The Caldor Fire, which destroyed hundreds of homes in rural El Dorado County and displaced tens of thousands of residents in and near South Lake Tahoe in early September, is now 100% contained.
The blaze grew to 221,835 acres (347 square miles) before the U.S. Forest Service announced full containment Thursday.
Containment does not mean the fire is extinguished, only that crews have constructed a full perimeter of containment lines around the fire. More than 500 firefighters remain assigned to the Caldor Fire, continuing mop-up and repair efforts to ensure those containment lines hold.
“For example, although the fire is contained, large diameter trees and stump holes will continue to smolder well into the winter months,” Forest Service officials wrote in a Thursday morning incident update.
Containment took more than two months. The Caldor Fire started Aug. 14 near the town of Grizzly Flats, which was largely destroyed as the blaze ripped to the north toward the Pollock Pines area in its fierce initial sprint, before winds started blowing it to the northeast.
Through the latter half of August, the fire continued to creep east along Highway 50 and eventually made its way to the western edge of the Lake Tahoe Basin.
The city of South Lake Tahoe, home to about 22,000 residents, was put under a mandatory evacuation order Aug. 30, lifted Sept. 5 as weather and fire behavior began to improve. A roughly 50-mile stretch of Highway 50 was also closed to the public for about a month.
The Caldor Fire destroyed just over 1,000 structures, most of them in Grizzly Flats but some along the Highway 50 corridor near the summit, near Phillips and Twin Bridges, according to a damage map from Cal Fire.
Two civilians were transported from Grizzly Flats with burn injuries. No fatalities were reported.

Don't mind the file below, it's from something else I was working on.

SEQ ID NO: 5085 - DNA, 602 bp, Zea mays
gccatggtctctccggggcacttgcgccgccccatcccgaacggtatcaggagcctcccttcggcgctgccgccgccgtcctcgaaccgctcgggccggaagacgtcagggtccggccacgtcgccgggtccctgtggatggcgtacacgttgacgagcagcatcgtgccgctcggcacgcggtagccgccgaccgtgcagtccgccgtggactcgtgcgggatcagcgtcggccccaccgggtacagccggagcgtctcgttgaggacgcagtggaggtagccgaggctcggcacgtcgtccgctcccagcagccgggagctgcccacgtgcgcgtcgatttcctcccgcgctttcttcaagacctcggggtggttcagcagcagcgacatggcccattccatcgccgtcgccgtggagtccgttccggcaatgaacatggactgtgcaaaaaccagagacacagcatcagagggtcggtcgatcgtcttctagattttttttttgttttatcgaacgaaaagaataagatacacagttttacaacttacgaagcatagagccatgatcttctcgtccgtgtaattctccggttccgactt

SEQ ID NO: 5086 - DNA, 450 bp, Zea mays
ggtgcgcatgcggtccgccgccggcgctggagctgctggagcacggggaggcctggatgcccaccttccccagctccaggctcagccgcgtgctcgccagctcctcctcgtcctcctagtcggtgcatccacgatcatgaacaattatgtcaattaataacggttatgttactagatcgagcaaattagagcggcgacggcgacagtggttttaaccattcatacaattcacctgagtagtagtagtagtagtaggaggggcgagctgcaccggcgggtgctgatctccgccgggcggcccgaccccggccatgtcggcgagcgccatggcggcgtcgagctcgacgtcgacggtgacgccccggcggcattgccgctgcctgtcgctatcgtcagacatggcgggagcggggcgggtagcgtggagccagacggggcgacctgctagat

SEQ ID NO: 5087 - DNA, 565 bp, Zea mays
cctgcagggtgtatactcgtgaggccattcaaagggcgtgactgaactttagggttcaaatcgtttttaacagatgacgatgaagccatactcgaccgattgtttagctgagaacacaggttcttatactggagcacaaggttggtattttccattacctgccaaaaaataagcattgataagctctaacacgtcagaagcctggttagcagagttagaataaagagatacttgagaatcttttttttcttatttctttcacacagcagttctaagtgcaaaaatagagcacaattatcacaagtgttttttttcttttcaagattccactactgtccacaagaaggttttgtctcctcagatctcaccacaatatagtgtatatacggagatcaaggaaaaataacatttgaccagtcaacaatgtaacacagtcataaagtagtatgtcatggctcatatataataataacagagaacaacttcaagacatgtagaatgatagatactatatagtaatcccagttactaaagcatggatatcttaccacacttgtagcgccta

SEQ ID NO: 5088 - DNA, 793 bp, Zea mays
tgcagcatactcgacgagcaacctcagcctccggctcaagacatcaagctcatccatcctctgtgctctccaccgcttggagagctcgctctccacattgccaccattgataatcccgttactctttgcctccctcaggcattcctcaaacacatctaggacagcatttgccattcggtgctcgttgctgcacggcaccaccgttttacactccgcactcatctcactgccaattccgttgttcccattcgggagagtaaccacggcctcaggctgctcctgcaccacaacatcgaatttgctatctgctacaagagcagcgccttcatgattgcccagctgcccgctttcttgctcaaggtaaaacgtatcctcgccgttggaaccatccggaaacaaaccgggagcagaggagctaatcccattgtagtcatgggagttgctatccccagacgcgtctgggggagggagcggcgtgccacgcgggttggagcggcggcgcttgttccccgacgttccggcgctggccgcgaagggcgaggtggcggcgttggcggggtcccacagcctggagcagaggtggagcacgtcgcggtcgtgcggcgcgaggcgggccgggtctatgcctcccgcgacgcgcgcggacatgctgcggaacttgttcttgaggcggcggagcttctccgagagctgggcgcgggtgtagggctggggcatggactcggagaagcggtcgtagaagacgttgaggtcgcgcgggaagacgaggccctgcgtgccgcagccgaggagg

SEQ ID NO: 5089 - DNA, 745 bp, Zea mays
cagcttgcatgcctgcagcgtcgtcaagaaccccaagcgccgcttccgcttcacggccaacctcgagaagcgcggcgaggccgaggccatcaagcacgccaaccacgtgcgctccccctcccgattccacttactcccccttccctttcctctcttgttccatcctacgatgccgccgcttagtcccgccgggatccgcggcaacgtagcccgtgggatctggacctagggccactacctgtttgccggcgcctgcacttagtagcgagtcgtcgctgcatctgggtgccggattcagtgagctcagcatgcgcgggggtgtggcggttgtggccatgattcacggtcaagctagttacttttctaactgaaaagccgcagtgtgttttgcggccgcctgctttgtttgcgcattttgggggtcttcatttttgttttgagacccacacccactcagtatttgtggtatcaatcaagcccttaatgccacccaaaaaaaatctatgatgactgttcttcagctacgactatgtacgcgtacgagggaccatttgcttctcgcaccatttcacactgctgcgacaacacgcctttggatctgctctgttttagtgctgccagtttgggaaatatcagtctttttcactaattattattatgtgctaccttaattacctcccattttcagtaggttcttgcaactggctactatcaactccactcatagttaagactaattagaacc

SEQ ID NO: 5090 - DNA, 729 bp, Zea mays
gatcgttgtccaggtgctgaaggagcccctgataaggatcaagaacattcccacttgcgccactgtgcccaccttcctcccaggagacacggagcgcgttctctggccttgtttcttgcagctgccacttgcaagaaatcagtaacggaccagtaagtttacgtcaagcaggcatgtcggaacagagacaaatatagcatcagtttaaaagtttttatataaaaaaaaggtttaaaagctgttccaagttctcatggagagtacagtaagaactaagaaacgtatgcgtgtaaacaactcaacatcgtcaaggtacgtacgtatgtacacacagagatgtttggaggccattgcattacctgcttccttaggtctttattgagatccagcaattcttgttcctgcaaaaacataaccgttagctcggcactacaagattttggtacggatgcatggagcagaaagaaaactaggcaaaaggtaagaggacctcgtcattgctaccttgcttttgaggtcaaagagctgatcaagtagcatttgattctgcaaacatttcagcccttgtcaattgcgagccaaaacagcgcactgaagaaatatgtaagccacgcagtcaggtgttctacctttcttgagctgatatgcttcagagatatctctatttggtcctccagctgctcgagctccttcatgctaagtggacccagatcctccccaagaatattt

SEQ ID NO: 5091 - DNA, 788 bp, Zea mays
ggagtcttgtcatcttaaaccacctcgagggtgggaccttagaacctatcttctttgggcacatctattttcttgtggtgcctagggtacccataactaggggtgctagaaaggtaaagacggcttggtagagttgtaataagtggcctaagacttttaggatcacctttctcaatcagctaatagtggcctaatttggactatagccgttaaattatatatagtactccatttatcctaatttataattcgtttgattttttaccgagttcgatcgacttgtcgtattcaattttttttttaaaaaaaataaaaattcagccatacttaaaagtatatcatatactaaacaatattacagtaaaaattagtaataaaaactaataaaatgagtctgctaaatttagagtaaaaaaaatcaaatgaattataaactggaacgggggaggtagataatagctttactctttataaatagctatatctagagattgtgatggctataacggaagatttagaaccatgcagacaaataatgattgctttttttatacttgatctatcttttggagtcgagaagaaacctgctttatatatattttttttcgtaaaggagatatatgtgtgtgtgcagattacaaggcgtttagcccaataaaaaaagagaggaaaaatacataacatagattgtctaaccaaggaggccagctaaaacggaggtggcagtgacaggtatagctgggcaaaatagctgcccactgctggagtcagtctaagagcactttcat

The Caldor Fire is the 15th-largest and 16th-most destructive wildfire in California’s recorded history, according to Cal Fire. Its cause remains under investigation.
Other large fires nearing containment
The Dixie Fire, which has burned in portions of Butte, Lassen and Plumas counties, was 97% contained as of Wednesday evening, according to the Forest Service. It is California’s second-largest fire ever at 963,309 acres (1,505 square miles).
The fire has been burning since July 13, with a few thousand firefighters assigned to the blaze during its peak. More than 1,100 remain assigned, working toward final containment.
The Monument Fire burning near Shasta-Trinity National Forest is 94% contained and “is essentially out,” Forest Service officials wrote Thursday morning. The fire, sparked by lightning on July 30, grew to 223,124 acres (349 square miles).
The Forest Service says crews are working to mitigate the impact of hazard trees near Big Bar, and that the next phase will be for scientists to work toward “emergency stabilization” of burned areas, including erosion control.
A series of powerful storms will hit Northern California in the next few days, including a “bomb cyclone” system peaking Sunday and Monday, will drop large amounts of precipitation on many of the state’s active wildfires, and will also help add moisture to critically dry fire fuels.
But it will also produce a risk of mudslides and flash flooding near burn scars, including the sprawling scars of the Dixie Fire and other major wildfires that burned in recent years such as the Carr, Zogg and Northern Complex fires.